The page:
55. Rodríguez MA, Olalla-Tárraga MÁ, Hawkins BA (2008) Bergmann´s rule and the geography of mammal body size in the Western Hemisphere. Glob Ecol Biogeogr 17:274–283CrossRefGoogle Scholar
  56. Rohlf FJ (2013) tpsDig, version 2.17. Department of Ecology and Evolution, State University of New York, Stony BrookGoogle Scholar
  57. Rohlf FJ, Corti M (2000) Use of two-block partial least-wquares to study covariation in shape. Syst Biol 49:740–753CrossRefPubMedGoogle Scholar
  58. Rohlf FJ, Slice D (1990) Extension of the Procrustes method for the optimal superimposition of landmarks. Syst Zoo 39:40–59CrossRefGoogle Scholar
  59. Roig VG (1971) Observaciones sobre la termorregulación em Zaedyus pichiy. Acta Zool Lillo 28:13–18Google Scholar
  60. Schiaffini MI (2016) A test of the Resource’s and Bergmann’s rules in a widely distributed small carnivore from southern South America, Conepatus chinga (Molina, 1782) (Carnivora: mephitidae). Mamm Biol 81:73–81CrossRefGoogle Scholar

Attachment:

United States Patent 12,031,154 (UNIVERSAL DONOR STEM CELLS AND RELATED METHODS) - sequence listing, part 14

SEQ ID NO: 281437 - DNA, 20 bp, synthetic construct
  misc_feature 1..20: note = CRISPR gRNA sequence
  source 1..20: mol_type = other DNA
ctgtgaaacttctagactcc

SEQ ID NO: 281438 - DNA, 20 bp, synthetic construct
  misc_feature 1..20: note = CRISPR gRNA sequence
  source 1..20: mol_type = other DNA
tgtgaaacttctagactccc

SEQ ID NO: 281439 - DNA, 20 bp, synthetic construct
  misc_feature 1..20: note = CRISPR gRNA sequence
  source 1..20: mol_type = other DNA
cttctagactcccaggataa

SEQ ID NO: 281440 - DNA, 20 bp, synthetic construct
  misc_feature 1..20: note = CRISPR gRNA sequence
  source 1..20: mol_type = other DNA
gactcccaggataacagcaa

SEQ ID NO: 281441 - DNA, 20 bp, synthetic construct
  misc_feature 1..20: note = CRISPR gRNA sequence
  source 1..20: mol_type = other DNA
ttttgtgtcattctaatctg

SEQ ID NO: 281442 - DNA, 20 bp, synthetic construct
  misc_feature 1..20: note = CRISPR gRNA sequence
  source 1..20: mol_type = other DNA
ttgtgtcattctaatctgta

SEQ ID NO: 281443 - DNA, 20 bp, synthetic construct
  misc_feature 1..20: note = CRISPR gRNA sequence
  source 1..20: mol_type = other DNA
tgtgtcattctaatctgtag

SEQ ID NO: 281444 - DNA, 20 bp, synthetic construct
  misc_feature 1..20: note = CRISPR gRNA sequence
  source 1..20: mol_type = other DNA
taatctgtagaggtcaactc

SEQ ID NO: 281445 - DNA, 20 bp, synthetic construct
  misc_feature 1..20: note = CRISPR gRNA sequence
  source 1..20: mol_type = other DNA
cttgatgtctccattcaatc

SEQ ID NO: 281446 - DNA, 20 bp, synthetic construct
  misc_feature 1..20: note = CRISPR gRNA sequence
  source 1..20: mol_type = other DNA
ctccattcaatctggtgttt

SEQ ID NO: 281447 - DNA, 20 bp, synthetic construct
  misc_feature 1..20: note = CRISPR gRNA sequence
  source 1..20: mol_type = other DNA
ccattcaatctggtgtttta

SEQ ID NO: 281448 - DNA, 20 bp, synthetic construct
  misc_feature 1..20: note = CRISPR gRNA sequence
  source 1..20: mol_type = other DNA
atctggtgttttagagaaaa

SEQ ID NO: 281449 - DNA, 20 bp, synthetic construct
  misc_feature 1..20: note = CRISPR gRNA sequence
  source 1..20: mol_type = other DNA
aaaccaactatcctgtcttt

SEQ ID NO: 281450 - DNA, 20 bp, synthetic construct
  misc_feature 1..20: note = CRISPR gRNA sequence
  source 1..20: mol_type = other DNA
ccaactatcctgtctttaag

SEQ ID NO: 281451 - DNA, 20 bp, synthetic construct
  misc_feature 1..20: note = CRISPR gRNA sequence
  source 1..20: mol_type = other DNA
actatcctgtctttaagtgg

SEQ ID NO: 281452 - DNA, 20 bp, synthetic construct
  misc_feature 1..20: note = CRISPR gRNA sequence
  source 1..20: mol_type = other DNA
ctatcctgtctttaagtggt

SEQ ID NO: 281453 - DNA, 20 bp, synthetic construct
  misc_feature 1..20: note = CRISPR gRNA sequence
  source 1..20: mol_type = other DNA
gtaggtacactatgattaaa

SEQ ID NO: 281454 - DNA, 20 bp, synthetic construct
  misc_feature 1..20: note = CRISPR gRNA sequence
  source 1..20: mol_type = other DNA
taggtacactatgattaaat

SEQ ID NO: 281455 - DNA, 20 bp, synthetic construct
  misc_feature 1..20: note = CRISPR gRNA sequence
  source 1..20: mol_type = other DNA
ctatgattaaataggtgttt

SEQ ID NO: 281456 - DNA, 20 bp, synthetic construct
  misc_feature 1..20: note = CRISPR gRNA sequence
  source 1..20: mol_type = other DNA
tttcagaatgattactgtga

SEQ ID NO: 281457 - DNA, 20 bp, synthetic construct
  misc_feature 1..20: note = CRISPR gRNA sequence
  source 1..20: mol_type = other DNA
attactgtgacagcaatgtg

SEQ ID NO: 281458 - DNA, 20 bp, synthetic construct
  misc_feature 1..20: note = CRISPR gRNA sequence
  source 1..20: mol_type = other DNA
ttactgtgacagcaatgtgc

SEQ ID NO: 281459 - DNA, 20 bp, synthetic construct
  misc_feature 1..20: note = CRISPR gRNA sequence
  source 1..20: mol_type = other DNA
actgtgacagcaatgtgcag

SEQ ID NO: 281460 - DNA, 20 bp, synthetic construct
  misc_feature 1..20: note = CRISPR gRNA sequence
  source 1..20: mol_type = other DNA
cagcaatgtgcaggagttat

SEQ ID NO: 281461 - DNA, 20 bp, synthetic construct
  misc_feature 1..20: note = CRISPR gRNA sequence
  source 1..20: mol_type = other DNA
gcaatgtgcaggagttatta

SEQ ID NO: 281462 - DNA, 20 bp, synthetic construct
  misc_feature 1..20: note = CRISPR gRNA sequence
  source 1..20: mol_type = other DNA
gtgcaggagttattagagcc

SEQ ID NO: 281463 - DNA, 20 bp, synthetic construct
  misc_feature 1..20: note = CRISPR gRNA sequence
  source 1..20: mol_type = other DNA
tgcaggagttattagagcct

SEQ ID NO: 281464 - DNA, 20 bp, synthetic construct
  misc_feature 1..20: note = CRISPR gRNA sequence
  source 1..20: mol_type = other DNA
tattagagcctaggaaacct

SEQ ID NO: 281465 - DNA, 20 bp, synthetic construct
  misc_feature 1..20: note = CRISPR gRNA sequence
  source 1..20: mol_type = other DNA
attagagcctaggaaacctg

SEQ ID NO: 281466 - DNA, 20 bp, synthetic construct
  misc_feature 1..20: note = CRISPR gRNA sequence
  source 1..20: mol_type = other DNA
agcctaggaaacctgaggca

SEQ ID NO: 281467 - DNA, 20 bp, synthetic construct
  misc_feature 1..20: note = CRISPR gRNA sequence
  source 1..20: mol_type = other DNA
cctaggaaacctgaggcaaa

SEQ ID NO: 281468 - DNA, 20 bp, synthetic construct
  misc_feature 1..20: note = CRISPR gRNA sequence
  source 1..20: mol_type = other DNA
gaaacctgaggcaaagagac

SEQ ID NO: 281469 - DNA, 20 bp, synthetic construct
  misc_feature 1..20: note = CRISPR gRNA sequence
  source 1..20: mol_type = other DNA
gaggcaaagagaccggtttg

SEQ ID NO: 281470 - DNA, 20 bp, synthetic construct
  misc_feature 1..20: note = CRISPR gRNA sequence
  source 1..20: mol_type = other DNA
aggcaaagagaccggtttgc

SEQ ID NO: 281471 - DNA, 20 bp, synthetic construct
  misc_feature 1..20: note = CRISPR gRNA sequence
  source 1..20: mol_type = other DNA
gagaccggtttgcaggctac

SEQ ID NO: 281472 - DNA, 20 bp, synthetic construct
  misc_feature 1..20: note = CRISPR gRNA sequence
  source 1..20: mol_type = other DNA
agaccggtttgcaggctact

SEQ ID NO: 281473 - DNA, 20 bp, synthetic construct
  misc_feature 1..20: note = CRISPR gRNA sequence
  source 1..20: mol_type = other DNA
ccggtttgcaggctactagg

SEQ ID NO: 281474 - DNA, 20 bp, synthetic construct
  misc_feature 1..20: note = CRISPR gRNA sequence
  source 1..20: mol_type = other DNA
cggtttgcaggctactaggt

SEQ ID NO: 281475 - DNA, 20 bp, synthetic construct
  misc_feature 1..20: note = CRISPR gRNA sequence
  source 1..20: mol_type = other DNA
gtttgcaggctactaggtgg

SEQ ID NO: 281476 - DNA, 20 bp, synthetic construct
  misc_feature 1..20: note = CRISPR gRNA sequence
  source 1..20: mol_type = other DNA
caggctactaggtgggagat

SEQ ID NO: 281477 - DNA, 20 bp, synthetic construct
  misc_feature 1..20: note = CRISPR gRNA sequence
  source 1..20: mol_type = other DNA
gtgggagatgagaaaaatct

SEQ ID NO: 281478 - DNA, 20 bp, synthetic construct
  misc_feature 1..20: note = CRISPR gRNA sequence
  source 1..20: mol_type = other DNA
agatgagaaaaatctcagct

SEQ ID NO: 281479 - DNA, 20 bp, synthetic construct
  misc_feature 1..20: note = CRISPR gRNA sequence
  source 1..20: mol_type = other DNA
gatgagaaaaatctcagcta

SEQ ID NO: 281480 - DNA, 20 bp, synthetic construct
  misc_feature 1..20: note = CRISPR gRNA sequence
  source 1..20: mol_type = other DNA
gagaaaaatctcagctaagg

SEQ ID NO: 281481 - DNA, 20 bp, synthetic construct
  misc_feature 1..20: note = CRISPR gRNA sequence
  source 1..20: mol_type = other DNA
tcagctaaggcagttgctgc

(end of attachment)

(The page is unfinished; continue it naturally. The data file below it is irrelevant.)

61. Schoch RR (2006) Skull ontogeny: developmental patterns of fishes conserved across major tetrapod clades. Evol Dev 8:524–536CrossRefPubMedGoogle Scholar
  62. Sherman HB (1943) The armadillo in Florida. Fla Entomol 26:54–59CrossRefGoogle Scholar
  63. Sikes RS, Heidt GA, Elrod DA (1990) Seasonal diets of the nine-banded armadillo (Dasypus novemcinctus) in a northern part of its range. Am Midl Nat 123:383–389CrossRefGoogle Scholar
  64. Smith KK, Redford KH (1990) The anatomy and function of the feeding apparatus in two armadillos (Dasypoda): anatomy is not destiny. J Zool 222:27–47CrossRefGoogle Scholar
  65. Sol D (2007) Do successful invaders exist? Pre-adaptations to novel environments in terrestrial vertebrates. In: Nentwig W (ed) Biological invasions. Ecological studies. Springer, Berlin, pp 127–141CrossRefGoogle Scholar